Referring to the coronavirus specifically, Mr Turnquest added: “This whole pandemic is hopefully a once-in-a-lifetime event and, certainly, I don’t think we’ve ever had a circumstance where this is both a local issue with the shutdown of businesses and an international issue with the closure of our major source tourism markets.

“This is uncharted territory, and we’re making the playbook as we go, quite frankly. I don’t think anybody has this kind of matter on their radar. Even when we had SARS (Severe Acute Respiratory Syndrome) and MERS (Middle East Respiratory Syndrome), they were not at this level and I don’t think we had any cases here. I don’t think we had any global shutdown like we do today.

“There is no rule book for this, and we had certainly not planned for this. The rules have kind of gone out the window in terms of the fiscal targets we had put in place as we had to create a response to this pandemic event that was unbudgeted and unplanned for. I don’t think anyone can honestly say they foresaw something of this nature.”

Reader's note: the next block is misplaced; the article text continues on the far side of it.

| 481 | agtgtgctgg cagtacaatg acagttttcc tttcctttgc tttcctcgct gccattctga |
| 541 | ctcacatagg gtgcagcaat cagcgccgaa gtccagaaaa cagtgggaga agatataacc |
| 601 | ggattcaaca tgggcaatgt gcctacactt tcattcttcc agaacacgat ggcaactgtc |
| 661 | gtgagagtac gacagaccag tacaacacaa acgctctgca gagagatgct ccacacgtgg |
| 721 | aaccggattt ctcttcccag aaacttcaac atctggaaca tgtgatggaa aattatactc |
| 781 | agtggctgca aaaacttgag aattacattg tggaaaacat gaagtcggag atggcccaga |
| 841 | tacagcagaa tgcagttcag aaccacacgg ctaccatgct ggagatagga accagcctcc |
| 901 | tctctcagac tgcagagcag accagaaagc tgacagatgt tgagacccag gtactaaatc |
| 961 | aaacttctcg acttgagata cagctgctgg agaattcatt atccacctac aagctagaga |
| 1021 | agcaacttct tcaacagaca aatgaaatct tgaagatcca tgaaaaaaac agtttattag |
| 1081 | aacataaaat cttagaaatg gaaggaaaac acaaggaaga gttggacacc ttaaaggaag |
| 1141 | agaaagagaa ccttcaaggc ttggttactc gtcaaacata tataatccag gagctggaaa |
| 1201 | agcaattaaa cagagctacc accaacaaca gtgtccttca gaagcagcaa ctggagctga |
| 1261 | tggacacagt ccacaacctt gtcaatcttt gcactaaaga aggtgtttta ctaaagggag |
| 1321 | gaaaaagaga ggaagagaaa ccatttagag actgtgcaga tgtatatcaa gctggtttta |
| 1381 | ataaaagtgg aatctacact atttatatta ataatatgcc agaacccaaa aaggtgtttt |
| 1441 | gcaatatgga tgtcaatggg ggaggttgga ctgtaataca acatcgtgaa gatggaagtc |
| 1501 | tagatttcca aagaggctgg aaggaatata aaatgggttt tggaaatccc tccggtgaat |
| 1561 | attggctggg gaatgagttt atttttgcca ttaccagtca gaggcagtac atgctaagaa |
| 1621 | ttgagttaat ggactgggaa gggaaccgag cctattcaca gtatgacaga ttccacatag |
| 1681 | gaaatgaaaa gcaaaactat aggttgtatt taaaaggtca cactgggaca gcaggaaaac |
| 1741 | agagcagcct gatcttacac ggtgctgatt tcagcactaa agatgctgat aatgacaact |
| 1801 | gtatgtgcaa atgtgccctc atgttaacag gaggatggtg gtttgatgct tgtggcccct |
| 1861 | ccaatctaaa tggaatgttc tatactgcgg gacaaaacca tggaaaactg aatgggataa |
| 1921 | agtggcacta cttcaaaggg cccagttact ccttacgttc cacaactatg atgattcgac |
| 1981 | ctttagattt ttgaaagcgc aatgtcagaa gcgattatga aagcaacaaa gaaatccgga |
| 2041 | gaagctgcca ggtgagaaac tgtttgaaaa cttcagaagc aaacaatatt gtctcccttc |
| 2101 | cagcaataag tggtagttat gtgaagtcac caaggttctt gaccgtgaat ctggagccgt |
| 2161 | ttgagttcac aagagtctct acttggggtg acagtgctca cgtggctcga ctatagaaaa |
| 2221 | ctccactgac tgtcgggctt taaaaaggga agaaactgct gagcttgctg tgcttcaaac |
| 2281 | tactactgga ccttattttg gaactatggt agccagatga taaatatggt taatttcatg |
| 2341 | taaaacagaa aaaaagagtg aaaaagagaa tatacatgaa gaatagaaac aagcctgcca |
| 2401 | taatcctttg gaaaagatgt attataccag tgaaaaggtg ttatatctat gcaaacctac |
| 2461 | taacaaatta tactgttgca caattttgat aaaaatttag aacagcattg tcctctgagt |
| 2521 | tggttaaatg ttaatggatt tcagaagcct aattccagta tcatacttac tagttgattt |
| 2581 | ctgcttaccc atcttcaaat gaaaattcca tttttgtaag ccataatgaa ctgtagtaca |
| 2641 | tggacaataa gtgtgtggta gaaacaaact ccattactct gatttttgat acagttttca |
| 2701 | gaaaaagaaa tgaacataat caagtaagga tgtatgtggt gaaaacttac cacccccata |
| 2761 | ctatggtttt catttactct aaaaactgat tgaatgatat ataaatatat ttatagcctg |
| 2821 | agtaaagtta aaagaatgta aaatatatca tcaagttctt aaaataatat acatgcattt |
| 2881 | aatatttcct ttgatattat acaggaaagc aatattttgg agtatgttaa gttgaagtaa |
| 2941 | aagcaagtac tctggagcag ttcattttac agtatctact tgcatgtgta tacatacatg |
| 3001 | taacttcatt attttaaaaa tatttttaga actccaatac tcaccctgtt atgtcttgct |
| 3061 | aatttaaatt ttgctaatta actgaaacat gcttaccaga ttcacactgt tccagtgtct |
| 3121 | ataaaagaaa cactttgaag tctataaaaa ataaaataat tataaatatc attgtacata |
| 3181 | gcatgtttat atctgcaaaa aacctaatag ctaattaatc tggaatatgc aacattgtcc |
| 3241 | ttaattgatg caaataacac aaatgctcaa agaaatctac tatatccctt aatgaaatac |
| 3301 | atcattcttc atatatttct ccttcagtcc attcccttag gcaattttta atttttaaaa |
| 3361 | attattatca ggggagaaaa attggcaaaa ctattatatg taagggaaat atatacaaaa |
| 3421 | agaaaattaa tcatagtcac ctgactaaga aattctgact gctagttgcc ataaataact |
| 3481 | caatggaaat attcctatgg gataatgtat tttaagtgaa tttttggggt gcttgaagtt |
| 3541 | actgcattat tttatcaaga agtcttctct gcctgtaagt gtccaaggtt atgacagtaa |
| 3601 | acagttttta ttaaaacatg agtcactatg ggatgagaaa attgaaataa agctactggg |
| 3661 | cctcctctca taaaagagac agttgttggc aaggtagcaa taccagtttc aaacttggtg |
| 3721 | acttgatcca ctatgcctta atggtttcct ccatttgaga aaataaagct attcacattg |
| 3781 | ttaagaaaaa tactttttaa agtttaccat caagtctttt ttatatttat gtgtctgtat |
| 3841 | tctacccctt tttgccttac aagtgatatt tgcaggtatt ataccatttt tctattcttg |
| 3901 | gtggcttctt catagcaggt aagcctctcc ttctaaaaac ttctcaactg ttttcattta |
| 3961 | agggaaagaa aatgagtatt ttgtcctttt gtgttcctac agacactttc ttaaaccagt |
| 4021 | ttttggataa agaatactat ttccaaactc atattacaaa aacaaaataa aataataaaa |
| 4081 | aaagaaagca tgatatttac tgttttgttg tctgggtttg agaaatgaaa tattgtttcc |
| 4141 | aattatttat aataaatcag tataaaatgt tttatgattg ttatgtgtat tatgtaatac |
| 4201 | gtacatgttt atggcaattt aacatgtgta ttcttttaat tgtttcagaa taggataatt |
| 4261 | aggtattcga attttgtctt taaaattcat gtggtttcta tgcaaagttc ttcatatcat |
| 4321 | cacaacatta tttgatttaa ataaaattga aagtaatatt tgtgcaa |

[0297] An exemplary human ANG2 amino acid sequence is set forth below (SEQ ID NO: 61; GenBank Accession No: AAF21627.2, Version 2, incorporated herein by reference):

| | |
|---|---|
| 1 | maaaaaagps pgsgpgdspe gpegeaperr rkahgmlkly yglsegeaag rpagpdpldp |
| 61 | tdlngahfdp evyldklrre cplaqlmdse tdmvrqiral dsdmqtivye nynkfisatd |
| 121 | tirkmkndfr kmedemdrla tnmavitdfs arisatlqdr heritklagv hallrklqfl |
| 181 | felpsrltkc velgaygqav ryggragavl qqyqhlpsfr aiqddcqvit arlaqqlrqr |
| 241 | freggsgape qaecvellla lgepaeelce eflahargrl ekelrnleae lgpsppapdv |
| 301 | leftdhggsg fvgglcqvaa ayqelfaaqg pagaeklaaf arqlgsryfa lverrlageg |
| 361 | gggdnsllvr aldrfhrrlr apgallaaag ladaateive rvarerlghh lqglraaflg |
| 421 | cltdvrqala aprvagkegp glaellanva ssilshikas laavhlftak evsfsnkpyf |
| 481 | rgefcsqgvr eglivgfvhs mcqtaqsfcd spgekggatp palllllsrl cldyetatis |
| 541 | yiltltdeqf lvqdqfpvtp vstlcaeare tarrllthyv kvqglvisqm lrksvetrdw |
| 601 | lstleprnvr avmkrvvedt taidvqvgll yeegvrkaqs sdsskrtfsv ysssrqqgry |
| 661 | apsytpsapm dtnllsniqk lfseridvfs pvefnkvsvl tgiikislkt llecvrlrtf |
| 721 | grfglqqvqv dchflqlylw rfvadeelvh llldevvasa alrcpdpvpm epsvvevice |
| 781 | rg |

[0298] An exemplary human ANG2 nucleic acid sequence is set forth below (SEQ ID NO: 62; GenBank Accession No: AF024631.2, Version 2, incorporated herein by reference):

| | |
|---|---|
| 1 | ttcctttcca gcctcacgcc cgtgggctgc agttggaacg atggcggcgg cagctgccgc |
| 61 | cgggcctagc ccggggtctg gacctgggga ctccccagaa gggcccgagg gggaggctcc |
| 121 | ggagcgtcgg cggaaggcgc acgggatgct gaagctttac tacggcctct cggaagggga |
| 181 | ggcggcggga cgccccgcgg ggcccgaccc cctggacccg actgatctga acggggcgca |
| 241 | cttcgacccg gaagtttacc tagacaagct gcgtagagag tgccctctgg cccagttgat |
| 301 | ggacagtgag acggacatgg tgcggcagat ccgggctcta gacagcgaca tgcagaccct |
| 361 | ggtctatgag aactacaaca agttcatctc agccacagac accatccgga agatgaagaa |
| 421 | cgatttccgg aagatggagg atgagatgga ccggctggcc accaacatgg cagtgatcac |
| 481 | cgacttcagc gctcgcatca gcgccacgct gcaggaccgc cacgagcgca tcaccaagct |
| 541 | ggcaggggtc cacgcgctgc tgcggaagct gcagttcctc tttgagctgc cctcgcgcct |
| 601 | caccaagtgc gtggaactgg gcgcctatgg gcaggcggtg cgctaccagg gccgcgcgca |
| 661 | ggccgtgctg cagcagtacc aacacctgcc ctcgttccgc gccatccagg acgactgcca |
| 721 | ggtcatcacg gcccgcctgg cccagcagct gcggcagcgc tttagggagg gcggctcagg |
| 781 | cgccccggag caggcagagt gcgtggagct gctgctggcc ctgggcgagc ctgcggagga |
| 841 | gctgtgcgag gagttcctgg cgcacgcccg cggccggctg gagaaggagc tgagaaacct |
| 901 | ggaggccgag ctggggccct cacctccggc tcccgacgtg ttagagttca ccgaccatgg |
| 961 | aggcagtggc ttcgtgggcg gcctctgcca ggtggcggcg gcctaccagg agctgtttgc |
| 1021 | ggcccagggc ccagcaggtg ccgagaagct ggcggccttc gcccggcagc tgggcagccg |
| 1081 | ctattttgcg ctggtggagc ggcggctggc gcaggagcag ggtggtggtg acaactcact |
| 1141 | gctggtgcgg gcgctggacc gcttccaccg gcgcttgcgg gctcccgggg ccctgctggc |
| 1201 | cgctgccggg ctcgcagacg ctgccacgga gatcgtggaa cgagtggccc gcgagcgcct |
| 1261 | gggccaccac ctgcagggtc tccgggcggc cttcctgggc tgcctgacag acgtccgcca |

The Ministry of Finance projections unveiled yesterday by Mr Turnquest are in line with those from the Inter-American Development Bank (IDB). Revealed by Tribune Business yesterday, the bank’s economists said The Bahamas could suffer a catastrophic 26 percent gross domestic product (GDP) cut if the worst-case coronavirus scenario comes true.

This was based on a 75 percent fall-off in tourism activity lasting for the remainder of 2020 which, if it became reality, would see The Bahamas lose between $2.819bn and $3.337bn in economic output this year. The Ministry of Finance’s worst-case forecast, of a $1bn loss for the period to end-June 2020, matches the quarterly losses that have been estimated by the IDB.

Both used similar assumptions, with the Ministry taking the loss of 100 percent of The Bahamas’ cruise passengers and 80 percent of stopover visitors as the “high impact scenario”. Mr Turnquest said that while the impact for the four months to end-June 2020 “could be as low as $258m”, he added that recent developments “suggest a tilting of the possible actual outcome to this extreme scenario”.